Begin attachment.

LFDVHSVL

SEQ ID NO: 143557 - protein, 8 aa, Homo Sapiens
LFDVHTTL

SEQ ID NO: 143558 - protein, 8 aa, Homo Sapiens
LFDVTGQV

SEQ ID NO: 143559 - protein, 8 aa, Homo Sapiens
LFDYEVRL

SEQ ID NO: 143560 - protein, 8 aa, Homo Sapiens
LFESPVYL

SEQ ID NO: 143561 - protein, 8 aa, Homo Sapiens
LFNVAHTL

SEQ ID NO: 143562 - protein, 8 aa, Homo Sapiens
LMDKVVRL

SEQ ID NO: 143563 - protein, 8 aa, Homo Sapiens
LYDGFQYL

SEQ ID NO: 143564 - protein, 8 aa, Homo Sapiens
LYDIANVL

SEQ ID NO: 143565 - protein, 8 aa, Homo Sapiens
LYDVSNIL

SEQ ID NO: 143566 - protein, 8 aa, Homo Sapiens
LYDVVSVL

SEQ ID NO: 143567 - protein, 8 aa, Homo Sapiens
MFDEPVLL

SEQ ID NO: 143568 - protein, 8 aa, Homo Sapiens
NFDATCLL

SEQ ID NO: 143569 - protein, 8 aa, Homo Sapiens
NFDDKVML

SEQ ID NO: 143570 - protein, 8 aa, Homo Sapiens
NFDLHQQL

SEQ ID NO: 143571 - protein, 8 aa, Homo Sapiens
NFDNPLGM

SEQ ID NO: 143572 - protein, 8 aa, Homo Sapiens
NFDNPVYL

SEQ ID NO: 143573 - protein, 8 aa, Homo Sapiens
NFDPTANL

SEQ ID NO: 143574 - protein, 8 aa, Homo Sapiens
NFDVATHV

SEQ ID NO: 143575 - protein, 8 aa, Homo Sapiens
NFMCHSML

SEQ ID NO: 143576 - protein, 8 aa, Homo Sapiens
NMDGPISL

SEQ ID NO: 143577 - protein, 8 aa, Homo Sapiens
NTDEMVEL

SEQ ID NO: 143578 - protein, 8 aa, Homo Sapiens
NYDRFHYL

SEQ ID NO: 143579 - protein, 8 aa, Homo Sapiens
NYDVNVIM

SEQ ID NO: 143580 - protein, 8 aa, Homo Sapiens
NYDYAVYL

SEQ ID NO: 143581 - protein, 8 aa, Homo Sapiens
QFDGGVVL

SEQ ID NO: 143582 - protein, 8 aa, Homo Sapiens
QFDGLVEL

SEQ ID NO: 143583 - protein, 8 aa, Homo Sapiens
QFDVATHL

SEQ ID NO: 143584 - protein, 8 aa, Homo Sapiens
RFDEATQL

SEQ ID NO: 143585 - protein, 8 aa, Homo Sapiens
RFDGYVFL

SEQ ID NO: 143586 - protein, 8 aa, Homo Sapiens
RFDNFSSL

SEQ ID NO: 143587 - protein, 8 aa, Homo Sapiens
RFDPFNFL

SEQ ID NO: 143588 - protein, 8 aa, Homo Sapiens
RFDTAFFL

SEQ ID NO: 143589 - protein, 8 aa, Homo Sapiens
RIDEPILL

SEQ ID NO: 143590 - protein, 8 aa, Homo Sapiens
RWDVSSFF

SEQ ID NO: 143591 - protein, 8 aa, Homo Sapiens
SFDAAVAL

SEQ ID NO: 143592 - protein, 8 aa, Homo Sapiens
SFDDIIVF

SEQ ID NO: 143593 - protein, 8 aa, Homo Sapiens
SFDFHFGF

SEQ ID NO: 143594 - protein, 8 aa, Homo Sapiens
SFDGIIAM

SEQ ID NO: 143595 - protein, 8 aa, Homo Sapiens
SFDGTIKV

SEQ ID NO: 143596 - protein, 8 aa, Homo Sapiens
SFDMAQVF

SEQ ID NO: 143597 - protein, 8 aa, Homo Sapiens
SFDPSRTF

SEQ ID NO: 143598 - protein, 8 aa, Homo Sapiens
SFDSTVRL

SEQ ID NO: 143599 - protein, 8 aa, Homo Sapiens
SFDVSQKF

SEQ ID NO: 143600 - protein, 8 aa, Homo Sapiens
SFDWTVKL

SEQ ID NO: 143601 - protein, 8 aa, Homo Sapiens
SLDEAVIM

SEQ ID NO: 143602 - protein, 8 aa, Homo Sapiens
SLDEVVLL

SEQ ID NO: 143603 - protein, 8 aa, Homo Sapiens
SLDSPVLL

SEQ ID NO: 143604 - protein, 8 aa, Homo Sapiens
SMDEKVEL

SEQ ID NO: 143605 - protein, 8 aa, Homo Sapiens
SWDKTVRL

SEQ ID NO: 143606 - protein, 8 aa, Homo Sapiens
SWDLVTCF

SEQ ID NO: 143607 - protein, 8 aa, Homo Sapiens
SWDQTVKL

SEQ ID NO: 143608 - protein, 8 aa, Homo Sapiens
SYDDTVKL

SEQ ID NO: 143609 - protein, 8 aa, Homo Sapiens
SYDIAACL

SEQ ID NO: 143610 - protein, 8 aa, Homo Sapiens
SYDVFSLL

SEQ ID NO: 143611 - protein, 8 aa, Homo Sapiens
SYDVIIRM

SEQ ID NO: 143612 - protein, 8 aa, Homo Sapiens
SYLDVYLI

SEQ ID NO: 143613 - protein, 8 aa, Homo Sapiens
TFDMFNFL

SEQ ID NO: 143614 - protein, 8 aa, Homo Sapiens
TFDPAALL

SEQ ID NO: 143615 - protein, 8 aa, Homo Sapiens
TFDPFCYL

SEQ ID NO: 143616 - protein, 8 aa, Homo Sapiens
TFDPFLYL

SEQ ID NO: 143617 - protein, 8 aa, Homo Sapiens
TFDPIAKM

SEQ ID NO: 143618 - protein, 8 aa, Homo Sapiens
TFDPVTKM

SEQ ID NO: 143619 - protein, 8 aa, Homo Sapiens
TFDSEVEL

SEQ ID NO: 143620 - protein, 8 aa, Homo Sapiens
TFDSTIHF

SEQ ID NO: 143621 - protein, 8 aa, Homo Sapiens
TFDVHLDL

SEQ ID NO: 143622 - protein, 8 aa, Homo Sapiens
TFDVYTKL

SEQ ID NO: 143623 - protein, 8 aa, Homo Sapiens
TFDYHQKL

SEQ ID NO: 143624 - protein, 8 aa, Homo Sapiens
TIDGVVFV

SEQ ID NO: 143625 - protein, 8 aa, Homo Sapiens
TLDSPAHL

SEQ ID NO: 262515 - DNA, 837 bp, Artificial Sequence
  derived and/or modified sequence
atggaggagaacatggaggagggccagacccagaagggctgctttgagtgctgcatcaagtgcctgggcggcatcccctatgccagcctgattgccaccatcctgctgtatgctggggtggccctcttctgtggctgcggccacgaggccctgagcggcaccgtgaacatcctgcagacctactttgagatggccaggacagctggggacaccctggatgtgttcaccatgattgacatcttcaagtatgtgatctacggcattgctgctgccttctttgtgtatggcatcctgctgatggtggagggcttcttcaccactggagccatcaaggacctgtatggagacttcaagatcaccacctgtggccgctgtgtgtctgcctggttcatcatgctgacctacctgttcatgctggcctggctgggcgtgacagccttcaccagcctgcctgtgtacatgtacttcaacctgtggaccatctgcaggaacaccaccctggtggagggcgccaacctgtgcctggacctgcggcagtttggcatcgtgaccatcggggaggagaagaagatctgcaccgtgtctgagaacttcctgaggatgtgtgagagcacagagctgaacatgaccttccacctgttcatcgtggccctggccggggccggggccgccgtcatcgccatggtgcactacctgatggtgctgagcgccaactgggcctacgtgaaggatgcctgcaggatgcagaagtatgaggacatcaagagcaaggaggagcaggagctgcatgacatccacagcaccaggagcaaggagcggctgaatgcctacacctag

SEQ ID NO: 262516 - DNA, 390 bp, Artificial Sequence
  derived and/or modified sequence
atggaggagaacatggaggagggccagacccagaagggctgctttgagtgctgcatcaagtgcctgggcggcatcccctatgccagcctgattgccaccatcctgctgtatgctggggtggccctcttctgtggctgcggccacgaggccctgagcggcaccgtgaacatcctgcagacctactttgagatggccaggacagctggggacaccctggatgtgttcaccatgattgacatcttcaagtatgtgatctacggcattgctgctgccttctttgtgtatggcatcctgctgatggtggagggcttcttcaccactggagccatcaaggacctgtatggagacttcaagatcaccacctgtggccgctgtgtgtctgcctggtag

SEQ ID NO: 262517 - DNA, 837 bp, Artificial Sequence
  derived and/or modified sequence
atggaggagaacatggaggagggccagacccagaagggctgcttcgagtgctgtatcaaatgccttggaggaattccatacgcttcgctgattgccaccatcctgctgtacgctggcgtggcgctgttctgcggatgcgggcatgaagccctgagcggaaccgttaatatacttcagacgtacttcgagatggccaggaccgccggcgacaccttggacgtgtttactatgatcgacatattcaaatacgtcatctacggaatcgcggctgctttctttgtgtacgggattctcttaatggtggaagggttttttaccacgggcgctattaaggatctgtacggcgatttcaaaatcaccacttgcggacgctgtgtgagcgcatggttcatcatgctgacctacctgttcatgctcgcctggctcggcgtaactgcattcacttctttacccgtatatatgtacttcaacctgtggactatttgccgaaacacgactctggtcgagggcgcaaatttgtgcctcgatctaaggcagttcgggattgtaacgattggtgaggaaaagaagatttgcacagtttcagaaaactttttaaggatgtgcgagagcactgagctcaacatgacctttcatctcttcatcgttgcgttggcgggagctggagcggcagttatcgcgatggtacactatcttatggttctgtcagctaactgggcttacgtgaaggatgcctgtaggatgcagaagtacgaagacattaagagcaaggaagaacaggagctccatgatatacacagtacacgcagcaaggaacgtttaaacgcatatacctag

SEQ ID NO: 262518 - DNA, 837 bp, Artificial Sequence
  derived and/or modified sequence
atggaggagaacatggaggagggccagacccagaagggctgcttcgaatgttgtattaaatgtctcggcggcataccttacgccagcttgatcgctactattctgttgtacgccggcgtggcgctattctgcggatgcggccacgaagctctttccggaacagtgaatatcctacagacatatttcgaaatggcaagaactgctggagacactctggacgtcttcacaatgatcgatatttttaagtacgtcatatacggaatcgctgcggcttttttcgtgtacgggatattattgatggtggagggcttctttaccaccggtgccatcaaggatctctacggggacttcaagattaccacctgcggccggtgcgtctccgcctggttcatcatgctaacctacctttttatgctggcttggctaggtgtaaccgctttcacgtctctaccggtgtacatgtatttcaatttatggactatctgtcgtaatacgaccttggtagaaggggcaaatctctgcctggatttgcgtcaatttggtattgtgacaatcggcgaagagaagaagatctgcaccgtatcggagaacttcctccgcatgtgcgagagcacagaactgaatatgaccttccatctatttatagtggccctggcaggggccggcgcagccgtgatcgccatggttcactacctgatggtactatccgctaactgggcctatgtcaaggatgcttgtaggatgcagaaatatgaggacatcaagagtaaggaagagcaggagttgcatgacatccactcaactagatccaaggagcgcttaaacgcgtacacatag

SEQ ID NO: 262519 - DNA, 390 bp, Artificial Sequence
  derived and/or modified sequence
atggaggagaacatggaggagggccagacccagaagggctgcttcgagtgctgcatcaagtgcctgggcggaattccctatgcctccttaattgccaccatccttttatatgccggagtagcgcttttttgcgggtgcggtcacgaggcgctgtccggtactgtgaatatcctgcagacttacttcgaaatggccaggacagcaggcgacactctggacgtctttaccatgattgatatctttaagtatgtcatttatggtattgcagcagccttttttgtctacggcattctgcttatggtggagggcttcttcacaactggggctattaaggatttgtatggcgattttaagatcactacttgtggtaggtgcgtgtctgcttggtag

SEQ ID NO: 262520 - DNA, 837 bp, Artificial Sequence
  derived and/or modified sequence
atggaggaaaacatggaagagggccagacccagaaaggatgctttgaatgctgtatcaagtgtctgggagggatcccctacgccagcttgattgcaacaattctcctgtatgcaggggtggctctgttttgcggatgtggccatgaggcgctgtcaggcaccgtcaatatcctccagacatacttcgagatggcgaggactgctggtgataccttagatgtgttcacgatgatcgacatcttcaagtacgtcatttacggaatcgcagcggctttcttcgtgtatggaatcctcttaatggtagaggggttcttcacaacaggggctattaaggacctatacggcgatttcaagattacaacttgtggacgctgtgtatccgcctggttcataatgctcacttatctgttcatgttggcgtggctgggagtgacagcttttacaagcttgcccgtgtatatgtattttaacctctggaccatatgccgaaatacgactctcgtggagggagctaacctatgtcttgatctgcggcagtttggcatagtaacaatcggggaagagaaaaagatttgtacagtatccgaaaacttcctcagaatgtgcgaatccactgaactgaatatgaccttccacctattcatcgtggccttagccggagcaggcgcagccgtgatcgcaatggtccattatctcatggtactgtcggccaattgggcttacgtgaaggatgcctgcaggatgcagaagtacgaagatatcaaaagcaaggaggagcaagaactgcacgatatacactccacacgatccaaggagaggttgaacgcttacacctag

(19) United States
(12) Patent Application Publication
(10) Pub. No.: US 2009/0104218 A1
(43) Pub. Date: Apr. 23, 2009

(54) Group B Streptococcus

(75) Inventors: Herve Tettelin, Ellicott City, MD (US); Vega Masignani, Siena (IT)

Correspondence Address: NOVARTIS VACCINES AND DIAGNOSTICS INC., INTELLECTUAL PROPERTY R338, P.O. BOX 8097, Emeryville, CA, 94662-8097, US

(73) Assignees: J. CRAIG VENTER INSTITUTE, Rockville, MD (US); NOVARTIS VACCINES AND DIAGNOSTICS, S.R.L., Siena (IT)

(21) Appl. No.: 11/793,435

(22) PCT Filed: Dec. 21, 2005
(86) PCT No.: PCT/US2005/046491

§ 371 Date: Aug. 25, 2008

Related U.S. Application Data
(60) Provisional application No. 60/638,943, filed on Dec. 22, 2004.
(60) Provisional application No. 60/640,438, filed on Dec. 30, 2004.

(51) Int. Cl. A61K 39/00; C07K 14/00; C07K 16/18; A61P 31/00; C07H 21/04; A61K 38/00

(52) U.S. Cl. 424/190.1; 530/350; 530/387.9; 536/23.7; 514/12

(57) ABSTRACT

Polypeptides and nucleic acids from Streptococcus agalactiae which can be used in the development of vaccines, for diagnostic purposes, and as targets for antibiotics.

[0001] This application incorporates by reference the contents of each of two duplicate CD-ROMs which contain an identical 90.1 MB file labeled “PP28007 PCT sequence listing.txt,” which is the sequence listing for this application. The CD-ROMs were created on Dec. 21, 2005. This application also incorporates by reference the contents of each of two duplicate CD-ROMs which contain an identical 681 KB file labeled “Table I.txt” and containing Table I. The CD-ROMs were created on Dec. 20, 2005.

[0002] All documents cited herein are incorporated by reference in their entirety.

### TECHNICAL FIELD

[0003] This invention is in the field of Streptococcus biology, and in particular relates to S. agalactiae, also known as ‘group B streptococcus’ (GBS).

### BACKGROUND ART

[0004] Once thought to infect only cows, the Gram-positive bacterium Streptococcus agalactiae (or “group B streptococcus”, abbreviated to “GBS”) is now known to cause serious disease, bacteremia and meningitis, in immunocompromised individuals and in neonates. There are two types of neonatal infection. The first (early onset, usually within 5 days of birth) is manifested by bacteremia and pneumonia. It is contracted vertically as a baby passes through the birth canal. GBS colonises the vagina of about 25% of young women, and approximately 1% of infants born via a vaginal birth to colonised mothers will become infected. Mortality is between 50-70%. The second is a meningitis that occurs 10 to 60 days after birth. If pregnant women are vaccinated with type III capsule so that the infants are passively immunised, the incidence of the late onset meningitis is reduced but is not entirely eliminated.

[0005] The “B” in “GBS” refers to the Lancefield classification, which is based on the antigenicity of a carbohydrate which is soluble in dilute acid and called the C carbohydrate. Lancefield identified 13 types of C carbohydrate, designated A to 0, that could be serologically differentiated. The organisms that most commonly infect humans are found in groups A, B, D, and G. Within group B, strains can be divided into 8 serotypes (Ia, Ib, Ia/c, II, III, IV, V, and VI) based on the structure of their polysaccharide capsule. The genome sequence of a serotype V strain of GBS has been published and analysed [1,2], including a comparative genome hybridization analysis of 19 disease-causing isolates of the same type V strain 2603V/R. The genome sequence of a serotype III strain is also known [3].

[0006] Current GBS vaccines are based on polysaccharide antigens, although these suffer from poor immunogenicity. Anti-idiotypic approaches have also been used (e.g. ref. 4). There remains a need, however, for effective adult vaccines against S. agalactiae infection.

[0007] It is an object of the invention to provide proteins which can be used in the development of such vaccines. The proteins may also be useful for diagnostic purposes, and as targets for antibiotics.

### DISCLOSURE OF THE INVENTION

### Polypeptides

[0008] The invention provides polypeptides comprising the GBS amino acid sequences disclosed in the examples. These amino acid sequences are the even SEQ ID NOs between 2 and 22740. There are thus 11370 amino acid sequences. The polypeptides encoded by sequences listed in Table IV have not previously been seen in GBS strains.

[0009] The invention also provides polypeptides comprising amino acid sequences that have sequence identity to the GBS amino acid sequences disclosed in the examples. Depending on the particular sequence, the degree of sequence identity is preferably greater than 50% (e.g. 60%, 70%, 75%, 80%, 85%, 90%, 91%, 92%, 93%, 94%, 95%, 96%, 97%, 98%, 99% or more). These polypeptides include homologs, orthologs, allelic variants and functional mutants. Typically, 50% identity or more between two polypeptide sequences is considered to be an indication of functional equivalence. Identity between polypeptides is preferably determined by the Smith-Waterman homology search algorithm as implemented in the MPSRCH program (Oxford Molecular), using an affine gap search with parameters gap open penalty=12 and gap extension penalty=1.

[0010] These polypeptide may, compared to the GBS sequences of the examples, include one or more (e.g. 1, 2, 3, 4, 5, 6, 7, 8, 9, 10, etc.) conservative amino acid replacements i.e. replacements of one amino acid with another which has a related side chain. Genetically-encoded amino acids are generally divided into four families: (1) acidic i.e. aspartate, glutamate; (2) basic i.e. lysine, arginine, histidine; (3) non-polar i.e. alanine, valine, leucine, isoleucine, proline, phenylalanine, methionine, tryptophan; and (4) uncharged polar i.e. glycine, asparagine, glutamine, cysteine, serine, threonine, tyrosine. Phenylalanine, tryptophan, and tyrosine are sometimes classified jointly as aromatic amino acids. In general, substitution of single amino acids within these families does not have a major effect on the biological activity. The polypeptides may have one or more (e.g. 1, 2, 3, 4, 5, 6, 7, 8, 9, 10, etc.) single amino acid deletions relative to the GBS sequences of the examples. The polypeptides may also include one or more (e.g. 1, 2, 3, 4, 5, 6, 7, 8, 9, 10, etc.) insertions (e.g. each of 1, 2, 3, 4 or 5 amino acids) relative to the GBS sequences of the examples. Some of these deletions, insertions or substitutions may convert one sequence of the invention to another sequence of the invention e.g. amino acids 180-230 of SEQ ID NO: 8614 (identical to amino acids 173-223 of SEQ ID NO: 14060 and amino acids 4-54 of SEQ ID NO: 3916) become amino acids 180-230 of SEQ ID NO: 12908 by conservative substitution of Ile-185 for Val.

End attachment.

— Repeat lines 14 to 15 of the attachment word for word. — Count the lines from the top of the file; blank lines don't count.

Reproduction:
SEQ ID NO: 143563 - protein, 8 aa, Homo Sapiens
LYDGFQYL